In 1772, the captain of a smuggler's sloop tricked a pursuing British coast-guard schooner into running aground on the shore of Narragansett Bay. The people of Provincetown and Bristol were cheering him in their streets. But a second thought sobered them: the Government ship would work its way free on the rising tide.
Eight rowboats from Provincetown and one from Bristol, full of men armed with knives and muskets, set out in broad daylight to attack an armed schooner of the King's Navy. The captain ordered his men to the guns, and fired a broadside at the rowboats, but the rowers kept coming. They swarmed up the schooner's side, laid out the crew, wounded the captain, put them all on shore, and burned the King's ship.
The name of the ship was Gaspee. The place where its ashes lay is called Gaspee point.
His Majesty's Government posted offers of large rewards for information leading to the arrest of the rebels, and everyone knew who they were. But no one was ever arrested, and the reward was never accepted.
From 1660 onward, smuggling was a way of life in the colonies. Running the blockades was an ordinary and necessary business hazard. The King's gunners sunk a few ships, killed a few sailors, wasted some goods, and kept prices a little higher than they would have been. But the colonies prospered.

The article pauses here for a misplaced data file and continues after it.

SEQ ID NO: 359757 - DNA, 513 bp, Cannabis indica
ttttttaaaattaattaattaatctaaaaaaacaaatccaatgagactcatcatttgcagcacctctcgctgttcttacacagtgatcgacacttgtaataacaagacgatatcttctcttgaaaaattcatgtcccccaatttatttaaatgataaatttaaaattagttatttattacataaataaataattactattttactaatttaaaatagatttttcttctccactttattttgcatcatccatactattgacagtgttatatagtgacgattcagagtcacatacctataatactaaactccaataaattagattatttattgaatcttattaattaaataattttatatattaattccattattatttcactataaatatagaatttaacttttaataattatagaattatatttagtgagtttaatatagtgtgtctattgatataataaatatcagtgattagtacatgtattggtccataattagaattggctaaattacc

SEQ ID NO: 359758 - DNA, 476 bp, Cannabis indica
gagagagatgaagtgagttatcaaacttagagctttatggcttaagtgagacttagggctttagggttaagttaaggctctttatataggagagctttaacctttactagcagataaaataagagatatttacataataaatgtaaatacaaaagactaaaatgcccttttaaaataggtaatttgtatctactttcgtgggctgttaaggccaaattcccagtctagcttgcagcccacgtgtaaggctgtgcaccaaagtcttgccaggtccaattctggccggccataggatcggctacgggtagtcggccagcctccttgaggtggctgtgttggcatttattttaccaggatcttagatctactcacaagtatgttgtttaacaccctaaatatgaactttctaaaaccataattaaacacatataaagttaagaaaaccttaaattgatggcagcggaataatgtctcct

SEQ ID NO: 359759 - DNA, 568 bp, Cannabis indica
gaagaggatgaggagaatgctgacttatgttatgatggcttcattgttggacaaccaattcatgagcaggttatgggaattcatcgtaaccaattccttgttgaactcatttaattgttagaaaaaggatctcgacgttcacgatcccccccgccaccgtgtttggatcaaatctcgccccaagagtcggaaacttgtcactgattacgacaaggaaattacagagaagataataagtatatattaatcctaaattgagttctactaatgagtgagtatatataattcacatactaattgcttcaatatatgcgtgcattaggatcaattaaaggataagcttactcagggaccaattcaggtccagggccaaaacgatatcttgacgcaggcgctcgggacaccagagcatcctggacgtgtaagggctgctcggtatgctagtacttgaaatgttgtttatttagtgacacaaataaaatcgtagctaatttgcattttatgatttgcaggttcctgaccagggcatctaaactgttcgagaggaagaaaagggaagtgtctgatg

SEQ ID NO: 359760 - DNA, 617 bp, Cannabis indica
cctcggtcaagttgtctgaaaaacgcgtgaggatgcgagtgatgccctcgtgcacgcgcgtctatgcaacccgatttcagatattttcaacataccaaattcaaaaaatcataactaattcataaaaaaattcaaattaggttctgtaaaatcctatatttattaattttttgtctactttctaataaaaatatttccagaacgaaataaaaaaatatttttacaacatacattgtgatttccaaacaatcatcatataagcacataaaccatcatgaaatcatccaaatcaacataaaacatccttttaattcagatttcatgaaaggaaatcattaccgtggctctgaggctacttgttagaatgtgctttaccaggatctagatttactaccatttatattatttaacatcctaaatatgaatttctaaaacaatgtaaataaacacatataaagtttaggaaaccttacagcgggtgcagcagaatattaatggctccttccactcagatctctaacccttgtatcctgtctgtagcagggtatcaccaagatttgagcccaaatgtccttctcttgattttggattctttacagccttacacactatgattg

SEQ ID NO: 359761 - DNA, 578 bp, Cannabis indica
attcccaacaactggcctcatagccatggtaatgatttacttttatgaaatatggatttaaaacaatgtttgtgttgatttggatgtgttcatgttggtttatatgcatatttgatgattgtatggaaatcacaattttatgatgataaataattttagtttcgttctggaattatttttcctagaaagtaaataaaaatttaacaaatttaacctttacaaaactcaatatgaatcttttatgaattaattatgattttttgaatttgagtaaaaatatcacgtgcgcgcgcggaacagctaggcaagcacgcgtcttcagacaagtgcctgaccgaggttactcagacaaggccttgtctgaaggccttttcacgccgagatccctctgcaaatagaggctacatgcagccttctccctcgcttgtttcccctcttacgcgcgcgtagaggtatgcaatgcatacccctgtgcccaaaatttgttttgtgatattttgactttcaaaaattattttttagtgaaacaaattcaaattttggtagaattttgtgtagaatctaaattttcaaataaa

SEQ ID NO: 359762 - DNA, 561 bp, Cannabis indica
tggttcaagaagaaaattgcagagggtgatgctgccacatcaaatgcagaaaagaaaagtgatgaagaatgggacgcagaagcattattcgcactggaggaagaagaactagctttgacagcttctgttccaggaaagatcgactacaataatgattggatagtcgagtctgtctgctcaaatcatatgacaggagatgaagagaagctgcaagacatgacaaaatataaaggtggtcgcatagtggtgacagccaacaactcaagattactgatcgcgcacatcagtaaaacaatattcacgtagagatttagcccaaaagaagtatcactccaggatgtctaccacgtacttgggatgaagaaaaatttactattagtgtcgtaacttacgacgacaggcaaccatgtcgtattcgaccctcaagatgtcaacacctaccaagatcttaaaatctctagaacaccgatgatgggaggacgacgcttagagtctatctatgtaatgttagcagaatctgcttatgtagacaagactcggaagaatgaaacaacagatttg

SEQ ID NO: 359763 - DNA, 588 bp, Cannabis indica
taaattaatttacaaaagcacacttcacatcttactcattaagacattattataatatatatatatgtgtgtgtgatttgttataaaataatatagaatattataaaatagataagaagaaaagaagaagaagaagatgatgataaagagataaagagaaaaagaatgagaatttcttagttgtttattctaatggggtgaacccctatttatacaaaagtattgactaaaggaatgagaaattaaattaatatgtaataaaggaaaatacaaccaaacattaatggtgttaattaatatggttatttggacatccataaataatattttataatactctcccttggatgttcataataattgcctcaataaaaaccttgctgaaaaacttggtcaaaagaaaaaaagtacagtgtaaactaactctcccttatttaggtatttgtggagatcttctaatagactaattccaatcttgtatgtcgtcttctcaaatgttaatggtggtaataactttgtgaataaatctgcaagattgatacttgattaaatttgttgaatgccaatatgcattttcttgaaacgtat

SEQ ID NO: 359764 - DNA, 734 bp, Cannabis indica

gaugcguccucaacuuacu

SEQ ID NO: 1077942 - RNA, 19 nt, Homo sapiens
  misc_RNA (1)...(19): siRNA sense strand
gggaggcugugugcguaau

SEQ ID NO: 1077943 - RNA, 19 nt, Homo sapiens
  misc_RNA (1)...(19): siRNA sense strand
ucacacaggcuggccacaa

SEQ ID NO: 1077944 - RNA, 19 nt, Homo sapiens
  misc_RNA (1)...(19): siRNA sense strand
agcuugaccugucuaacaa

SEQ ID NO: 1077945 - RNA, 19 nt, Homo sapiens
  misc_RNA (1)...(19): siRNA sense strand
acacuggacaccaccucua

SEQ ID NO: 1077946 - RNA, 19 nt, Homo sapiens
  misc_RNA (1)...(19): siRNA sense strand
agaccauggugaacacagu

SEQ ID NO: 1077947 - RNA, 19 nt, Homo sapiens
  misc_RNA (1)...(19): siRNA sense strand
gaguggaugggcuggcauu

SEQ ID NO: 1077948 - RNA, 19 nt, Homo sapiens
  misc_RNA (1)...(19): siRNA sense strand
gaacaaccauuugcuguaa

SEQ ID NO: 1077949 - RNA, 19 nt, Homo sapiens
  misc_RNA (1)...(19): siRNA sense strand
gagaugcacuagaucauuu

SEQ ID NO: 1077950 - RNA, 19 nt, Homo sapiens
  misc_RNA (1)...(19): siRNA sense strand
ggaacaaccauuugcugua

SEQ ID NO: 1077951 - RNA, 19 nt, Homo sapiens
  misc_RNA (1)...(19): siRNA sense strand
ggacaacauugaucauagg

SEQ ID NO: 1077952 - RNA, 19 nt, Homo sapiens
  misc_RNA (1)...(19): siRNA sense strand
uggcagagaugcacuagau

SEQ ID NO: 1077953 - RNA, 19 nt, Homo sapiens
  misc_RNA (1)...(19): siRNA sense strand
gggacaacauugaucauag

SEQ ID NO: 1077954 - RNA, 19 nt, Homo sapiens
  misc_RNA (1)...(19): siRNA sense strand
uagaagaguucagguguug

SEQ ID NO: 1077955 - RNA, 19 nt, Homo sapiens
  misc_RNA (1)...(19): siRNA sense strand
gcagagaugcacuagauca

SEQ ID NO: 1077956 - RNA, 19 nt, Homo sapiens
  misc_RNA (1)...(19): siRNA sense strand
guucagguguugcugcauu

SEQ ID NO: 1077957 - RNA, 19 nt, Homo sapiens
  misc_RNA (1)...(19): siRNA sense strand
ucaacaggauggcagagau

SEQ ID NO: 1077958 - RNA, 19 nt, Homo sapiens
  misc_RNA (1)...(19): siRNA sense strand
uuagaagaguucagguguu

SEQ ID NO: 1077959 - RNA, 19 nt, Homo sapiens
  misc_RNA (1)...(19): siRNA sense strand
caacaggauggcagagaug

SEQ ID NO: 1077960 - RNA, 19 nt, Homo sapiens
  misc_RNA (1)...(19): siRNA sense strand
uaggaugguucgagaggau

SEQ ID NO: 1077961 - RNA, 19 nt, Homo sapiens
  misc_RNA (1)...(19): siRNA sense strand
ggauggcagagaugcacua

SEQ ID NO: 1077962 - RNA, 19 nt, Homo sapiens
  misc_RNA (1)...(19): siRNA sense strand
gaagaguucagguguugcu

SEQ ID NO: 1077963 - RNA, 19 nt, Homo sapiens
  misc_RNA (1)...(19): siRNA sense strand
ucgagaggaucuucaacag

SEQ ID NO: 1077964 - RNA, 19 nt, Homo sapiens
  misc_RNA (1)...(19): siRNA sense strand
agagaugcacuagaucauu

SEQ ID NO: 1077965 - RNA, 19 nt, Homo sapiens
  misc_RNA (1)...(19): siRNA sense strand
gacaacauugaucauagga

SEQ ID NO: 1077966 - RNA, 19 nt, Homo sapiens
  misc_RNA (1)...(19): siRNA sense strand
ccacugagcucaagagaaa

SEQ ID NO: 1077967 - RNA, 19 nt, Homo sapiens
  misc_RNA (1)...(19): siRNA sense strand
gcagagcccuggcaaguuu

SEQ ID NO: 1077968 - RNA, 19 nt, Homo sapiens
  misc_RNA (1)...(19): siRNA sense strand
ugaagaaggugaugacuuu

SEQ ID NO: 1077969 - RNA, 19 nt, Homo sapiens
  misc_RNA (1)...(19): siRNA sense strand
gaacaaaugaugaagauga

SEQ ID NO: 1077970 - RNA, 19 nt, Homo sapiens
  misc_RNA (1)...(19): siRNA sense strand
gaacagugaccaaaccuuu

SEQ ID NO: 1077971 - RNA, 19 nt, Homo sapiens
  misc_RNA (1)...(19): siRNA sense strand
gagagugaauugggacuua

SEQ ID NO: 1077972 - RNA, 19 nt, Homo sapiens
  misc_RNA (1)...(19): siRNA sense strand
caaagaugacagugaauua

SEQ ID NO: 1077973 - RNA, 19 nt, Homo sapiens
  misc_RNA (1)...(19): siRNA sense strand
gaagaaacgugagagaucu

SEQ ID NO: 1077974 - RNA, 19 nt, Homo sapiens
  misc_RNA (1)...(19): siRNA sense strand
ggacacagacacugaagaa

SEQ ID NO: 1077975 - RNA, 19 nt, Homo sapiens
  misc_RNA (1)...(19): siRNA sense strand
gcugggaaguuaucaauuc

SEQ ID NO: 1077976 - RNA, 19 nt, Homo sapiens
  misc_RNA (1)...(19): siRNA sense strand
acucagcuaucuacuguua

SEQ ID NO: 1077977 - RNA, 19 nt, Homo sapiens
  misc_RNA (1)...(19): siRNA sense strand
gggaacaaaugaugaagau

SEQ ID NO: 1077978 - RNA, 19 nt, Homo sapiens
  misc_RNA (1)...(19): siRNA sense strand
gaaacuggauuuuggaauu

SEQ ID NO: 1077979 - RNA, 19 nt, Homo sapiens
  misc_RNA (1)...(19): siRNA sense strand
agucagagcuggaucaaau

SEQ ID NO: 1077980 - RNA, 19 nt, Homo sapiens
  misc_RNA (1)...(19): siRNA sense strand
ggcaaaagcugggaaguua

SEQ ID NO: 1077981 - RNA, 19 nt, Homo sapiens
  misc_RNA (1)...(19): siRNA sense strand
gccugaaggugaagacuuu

When the revolution came, smugglers played an major role. Several of the signer's of the Declaration of Independence were smugglers. John Hancock was known as the "prince of smugglers." The Pine Tree flag, one of the early revolutionary flags, referred to the practice of chopping down trees marked for use by the British Navy and using them to build smuggling ships instead.
The Colonies relied almost entirely upon water routes for transportation, following the rivers and streams inland as they moved away from the coast. With the British occupying the major port cities, smuggling became an even more hazardous activity, but remained critical to both the revolution as well as the normal flow of goods and news.
Our success is a tribute to the skill and daring of American smugglers, who started a tradition of Yankee sailing and trading superiority which lasted throughout the 19th Century and well into the 20th.
It would be naive to attribute any sort of noble motives or even more than normal patriotism to smugglers. People undertake this activity because it pays well. But this does not diminish their accomplishments. After all, this world would be a much better place if more people did the right thing for the wrong reasons and fewer did the wrong thing for the right reasons.
In any case, whenever and wherever governments try to oppress the people by suppressing trade, there will be smugglers. They are the first to fight against tyranny, and the first to die in the battle for freedom. Without their efforts, no revolution would ever be possible, and the world would be an incomparably worse place to live.